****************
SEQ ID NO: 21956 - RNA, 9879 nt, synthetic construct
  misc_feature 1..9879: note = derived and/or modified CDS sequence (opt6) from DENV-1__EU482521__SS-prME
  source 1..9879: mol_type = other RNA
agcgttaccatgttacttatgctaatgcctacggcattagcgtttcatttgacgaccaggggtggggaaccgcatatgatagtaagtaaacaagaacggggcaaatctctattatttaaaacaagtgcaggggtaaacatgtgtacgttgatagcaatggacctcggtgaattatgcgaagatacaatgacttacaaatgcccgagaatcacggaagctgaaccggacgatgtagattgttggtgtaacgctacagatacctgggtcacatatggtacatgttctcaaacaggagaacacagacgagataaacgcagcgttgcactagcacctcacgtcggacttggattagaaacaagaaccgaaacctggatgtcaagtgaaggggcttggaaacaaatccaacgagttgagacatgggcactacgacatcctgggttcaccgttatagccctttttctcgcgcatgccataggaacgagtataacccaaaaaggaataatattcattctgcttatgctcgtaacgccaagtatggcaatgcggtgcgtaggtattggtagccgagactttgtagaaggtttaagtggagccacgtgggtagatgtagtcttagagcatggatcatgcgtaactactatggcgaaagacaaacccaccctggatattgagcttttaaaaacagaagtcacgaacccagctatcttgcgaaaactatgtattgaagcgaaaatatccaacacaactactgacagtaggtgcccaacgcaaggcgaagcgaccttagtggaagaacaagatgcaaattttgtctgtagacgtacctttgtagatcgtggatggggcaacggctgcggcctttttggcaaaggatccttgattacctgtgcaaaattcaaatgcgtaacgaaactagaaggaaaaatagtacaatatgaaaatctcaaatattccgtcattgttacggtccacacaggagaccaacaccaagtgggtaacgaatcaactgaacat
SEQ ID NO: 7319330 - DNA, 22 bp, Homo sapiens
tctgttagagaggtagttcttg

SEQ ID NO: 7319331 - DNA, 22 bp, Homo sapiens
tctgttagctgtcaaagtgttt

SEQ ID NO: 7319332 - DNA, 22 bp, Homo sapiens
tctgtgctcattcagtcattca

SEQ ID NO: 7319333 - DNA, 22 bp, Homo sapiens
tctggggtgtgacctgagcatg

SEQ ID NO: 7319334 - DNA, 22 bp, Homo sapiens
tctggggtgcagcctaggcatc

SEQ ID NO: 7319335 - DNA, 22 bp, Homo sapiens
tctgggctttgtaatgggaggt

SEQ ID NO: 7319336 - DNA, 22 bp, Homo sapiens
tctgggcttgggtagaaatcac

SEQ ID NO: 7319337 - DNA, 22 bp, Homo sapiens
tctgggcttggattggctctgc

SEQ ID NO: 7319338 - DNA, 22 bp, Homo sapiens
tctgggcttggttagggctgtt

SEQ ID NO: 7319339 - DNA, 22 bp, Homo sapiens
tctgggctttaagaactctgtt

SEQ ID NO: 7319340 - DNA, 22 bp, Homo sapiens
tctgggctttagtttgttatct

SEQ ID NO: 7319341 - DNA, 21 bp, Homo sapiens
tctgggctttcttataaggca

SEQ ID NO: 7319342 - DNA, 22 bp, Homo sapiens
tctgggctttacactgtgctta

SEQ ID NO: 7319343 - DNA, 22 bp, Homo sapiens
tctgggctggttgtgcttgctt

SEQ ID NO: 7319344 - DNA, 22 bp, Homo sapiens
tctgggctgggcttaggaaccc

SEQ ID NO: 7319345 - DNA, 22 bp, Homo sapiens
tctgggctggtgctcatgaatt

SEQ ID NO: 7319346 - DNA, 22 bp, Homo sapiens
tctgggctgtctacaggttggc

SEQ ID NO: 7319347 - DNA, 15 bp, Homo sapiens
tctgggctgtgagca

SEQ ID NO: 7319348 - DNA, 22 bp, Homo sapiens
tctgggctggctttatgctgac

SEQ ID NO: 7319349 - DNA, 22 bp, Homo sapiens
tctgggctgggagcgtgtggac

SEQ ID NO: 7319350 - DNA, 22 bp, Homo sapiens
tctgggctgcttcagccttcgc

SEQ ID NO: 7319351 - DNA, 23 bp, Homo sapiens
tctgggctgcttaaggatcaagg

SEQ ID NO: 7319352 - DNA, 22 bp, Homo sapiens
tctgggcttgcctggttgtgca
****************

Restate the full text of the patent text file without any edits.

SEQ ID NO: 21956 - RNA, 9879 nt, synthetic construct
  misc_feature 1..9879: note = derived and/or modified CDS sequence (opt6) from DENV-1__EU482521__SS-prME
  source 1..9879: mol_type = other RNA
agcgttaccatgttacttatgctaatgcctacggcattagcgtttcatttgacgaccaggggtggggaaccgcatatgatagtaagtaaacaagaacggggcaaatctctattatttaaaacaagtgcaggggtaaacatgtgtacgttgatagcaatggacctcggtgaattatgcgaagatacaatgacttacaaatgcccgagaatcacggaagctgaaccggacgatgtagattgttggtgtaacgctacagatacctgggtcacatatggtacatgttctcaaacaggagaacacagacgagataaacgcagcgttgcactagcacctcacgtcggacttggattagaaacaagaaccgaaacctggatgtcaagtgaaggggcttggaaacaaatccaacgagttgagacatgggcactacgacatcctgggttcaccgttatagccctttttctcgcgcatgccataggaacgagtataacccaaaaaggaataatattcattctgcttatgctcgtaacgccaagtatggcaatgcggtgcgtaggtattggtagccgagactttgtagaaggtttaagtggagccacgtgggtagatgtagtcttagagcatggatcatgcgtaactactatggcgaaagacaaacccaccctggatattgagcttttaaaaacagaagtcacgaacccagctatcttgcgaaaactatgtattgaagcgaaaatatccaacacaactactgacagtaggtgcccaacgcaaggcgaagcgaccttagtggaagaacaagatgcaaattttgtctgtagacgtacctttgtagatcgtggatggggcaacggctgcggcctttttggcaaaggatccttgattacctgtgcaaaattcaaatgcgtaacgaaactagaaggaaaaatagtacaatatgaaaatctcaaatattccgtcattgttacggtccacacaggagaccaacaccaagtgggtaacgaatcaactgaacat
SEQ ID NO: 7319330 - DNA, 22 bp, Homo sapiens
tctgttagagaggtagttcttg

SEQ ID NO: 7319331 - DNA, 22 bp, Homo sapiens
tctgttagctgtcaaagtgttt

SEQ ID NO: 7319332 - DNA, 22 bp, Homo sapiens
tctgtgctcattcagtcattca

SEQ ID NO: 7319333 - DNA, 22 bp, Homo sapiens
tctggggtgtgacctgagcatg

SEQ ID NO: 7319334 - DNA, 22 bp, Homo sapiens
tctggggtgcagcctaggcatc

SEQ ID NO: 7319335 - DNA, 22 bp, Homo sapiens
tctgggctttgtaatgggaggt

SEQ ID NO: 7319336 - DNA, 22 bp, Homo sapiens
tctgggcttgggtagaaatcac

SEQ ID NO: 7319337 - DNA, 22 bp, Homo sapiens
tctgggcttggattggctctgc

SEQ ID NO: 7319338 - DNA, 22 bp, Homo sapiens
tctgggcttggttagggctgtt

SEQ ID NO: 7319339 - DNA, 22 bp, Homo sapiens
tctgggctttaagaactctgtt

SEQ ID NO: 7319340 - DNA, 22 bp, Homo sapiens
tctgggctttagtttgttatct

SEQ ID NO: 7319341 - DNA, 21 bp, Homo sapiens
tctgggctttcttataaggca

SEQ ID NO: 7319342 - DNA, 22 bp, Homo sapiens
tctgggctttacactgtgctta

SEQ ID NO: 7319343 - DNA, 22 bp, Homo sapiens
tctgggctggttgtgcttgctt

SEQ ID NO: 7319344 - DNA, 22 bp, Homo sapiens
tctgggctgggcttaggaaccc

SEQ ID NO: 7319345 - DNA, 22 bp, Homo sapiens
tctgggctggtgctcatgaatt

SEQ ID NO: 7319346 - DNA, 22 bp, Homo sapiens
tctgggctgtctacaggttggc

SEQ ID NO: 7319347 - DNA, 15 bp, Homo sapiens
tctgggctgtgagca

SEQ ID NO: 7319348 - DNA, 22 bp, Homo sapiens
tctgggctggctttatgctgac

SEQ ID NO: 7319349 - DNA, 22 bp, Homo sapiens
tctgggctgggagcgtgtggac

SEQ ID NO: 7319350 - DNA, 22 bp, Homo sapiens
tctgggctgcttcagccttcgc

SEQ ID NO: 7319351 - DNA, 23 bp, Homo sapiens
tctgggctgcttaaggatcaagg

SEQ ID NO: 7319352 - DNA, 22 bp, Homo sapiens
tctgggcttgcctggttgtgca